• THE VEGETARIAN. By Han Kang. This novella in three parts is both thriller and parable. The winner of the 2016 Man Booker International Prize.
  • WAR AND TURPENTINE. By Stefan Hertmans. A masterly novel about memory, art, love and war, based on the author’s grandfather’s notebooks.
  • WEATHERING. By Lucy Wood. This poetic debut novel, set in a damp house near a roaring river, explores the relationship between mothers and daughters.
  • IN THE DARKROOM. By Susan Faludi. … a rich and ultimately generous investigation of her long-estranged father, who suddenly contacted her from his home in Hungary after undergoing gender-reassignment surgery at the age of 76.
  • WHEN IN FRENCH: Love in a Second Language. By Lauren Collins. New Yorker staff writer married to a Frenchman, writes a very personal memoir about love and language, shrewdly assessing how language affects our lives.
  • WHITE TRASH: The 400-Year Untold History of Class in America. By Nancy Isenberg. A masterly and ambitious cultural history of changing concepts of class and inferiority..

 

 

 

17 thoughts on “Peace on earth?

  1. Hola Judy — and Michael:
    Feliz Año Nuenvo …I have lived in Southern Oregon in Talent near Medford for several years, Portland before that.. Meant to give you context but maybe this help more to jog your memory — I and student/volunteer (with Global Volunteers, I think the name is ) Elias (who was born in Ecuador in Tulcan / adopted baby) came for an overnight visit 1.5 years ago, probably, to Cañar — We stayed overnight at the downtown Hotel Cañar (one of the coldest nights in my life) Maybe you have a vague memory of our visit. Elias is at a small college in his 2nd year now in N.C.
    I had arrived in Cuenca January ’14 from Quito because I had lost my PUCE teaching job there and wanted to do more outdoor life and possibly find work in Azuay…Loved reading your book written years ago on my first trip to Azuay in 2010. Anyway, through a bunch of connections, we met up and Elias and I enjoyed the visit with you at your house for a couple of interesting hours of conversation with you and Michael.
    I am on your listserv and get your interesting photos/ blog posts. Today I just posted on Pay Pal for a second year $25. donation to your wonderful women’s project. Can we talk sometime ? S. Schloth

    • Hi SUsan – Yes, of course I remember you. And Elias. I’m glad to hear he’s doing well in college. And your payment came through just fine. Thank you!
      I assume you are back in Cuenca now? You are welcome to visit me here in Cañar any time, and I do come to Cuenca every couple of weeks. We could meet for coffee…Next time will probably be second week of January.

  2. Hermana Jude! Love hearing about all the graduates! What an amazing thing!!!
    So proud to be part of it. Here, just the lazing around week between Christmas and
    New Years – lots of planning (projects! writing!) Glad to see 2016 go with all of it’s bizarreness in politics, and losses of so many (Debbie Reynolds this AM, following her daughter – what a talent she was! ) So, onward into 2017, trying to stay positive!!
    Missing you and Michael! xoxos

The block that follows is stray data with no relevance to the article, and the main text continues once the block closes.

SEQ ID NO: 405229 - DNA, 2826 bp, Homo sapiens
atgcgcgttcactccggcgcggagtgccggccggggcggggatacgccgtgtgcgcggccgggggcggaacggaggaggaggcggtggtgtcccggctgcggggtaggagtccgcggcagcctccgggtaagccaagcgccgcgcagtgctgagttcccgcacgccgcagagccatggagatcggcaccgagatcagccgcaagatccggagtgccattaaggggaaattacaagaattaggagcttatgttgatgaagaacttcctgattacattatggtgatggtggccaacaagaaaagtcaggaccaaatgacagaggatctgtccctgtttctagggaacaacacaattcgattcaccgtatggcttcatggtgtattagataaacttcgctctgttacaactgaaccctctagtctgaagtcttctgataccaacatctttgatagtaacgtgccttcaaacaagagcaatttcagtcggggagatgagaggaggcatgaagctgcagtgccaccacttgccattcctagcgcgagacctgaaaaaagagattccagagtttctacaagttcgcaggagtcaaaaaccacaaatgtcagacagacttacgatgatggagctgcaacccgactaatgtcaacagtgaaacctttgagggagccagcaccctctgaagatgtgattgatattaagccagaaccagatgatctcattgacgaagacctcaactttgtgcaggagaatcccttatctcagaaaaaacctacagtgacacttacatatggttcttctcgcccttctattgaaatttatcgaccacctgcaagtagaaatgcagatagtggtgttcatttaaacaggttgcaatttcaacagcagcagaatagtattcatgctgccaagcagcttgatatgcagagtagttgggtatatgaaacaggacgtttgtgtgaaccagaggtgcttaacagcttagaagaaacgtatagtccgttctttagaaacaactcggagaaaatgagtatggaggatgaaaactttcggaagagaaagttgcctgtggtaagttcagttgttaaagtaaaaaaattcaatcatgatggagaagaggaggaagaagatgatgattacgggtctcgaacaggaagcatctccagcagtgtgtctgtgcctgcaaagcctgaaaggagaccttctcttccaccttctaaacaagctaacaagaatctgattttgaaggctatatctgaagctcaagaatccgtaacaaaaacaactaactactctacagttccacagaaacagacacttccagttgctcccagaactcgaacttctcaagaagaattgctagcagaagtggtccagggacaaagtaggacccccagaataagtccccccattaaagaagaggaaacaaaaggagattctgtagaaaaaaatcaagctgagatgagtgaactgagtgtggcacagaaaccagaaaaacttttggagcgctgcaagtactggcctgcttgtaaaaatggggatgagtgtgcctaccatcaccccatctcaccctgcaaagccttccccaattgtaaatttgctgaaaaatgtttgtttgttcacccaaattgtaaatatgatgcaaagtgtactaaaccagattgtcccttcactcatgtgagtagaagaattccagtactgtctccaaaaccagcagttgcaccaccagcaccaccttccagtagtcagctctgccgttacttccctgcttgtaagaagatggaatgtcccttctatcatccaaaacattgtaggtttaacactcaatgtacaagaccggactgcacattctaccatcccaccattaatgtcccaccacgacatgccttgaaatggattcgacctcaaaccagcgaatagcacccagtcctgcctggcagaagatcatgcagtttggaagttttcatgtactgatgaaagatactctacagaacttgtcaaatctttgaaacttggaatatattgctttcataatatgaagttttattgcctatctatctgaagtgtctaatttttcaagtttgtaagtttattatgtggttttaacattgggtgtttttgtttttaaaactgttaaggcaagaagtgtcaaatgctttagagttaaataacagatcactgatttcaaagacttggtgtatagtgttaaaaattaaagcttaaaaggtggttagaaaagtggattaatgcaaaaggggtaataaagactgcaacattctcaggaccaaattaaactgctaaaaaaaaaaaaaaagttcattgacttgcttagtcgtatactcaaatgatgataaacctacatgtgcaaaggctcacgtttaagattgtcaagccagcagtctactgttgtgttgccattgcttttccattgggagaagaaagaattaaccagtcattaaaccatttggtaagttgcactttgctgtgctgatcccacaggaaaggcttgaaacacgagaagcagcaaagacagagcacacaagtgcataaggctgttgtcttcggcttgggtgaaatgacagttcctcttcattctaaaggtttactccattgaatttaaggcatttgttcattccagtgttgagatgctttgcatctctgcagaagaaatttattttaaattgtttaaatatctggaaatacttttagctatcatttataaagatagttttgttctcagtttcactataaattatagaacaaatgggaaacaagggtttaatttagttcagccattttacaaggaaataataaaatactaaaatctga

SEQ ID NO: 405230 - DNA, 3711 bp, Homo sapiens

• Yes, a strange week this is – stores closed, people traveling, kids on vacation. I’m trying to get work done too – learning LIghtroom app for one. For sure it will be good to say goodbye to 2016, though 2017 scares me…

  3. Happy 2017, Judy & Michael!
    Enjoyed, as always, your latest post, and was reminded that I hadn’t yet donated to the very worthy cause that you sponsor in Canar. So I rectified that situation thanks to PayPal.
    News from the Bourgault family is all good: son Michael was declared cancer-free after tests the week before Xmas. Talk about the best Xmas gift EVER!!
    Will visit Portland from mid-May to mid-June 2017, so perhaps we will run into each other. Fondly, Mel

    • Mel – can’t tell you how happy we are to hear that you had a great Christmas gift with the news about Michael! I look forward to seeing you in Portland mid-June (but we hope you want to come back for a longer stay later in the year – maybe????) Happy New Year!

  4. Judy y Miguel, As you know, we share your convictions about Xmas, and so more power to your irreligious notions. Christ and capitalism are a bad mix. Any special feelings or activities that accrue to this commercialized day are potentially available every other day of the year. Buy Nothing Day is our favorite. Easier on the credit card, too.

    Nancy and I observed our usual born-again pagan rituals by hiking on the Oregon Coast, swilling the local micro-brew, and eating a basket of artery-hardening fish’n’chips. We missed you guys and the great Christmas Day hikes we’ve done with you. This year, we climbed Neahkanie Peak. We ogled the old growth Sitka spruce and were mesmerized by the shining gray-blue sea and the nature-made networks of rivers and green fields. We met a few like-minded people who felt it more fun to scramble across scree than to rot in front of the TV with their in-laws.

    Banish any holiday angst and enjoy to the fullest extent Ecuador’s temperate pleasures. You’ve put yourselves in a sweet spot where you’re not subjected daily to the sociopathic rantings of our fascist clown-elect. Be thankful for that. Tell Michael to pop open another brew and to keep the home fires burning. –Bruce

    • Ha – I can always count on you to send an upbeat message. We would have loved to take the Christmas Day walk with you, and we certainly look forward to other walks come summer. Meanwhile, we’ll do our best to keep the home fires burning in Cañar and have a productive 2017. Love to you & Nancy

  5. Happy New Year! Tell Michael we have the real thing here that he can throw into the fire. He doesn’t have to settle for an effigy.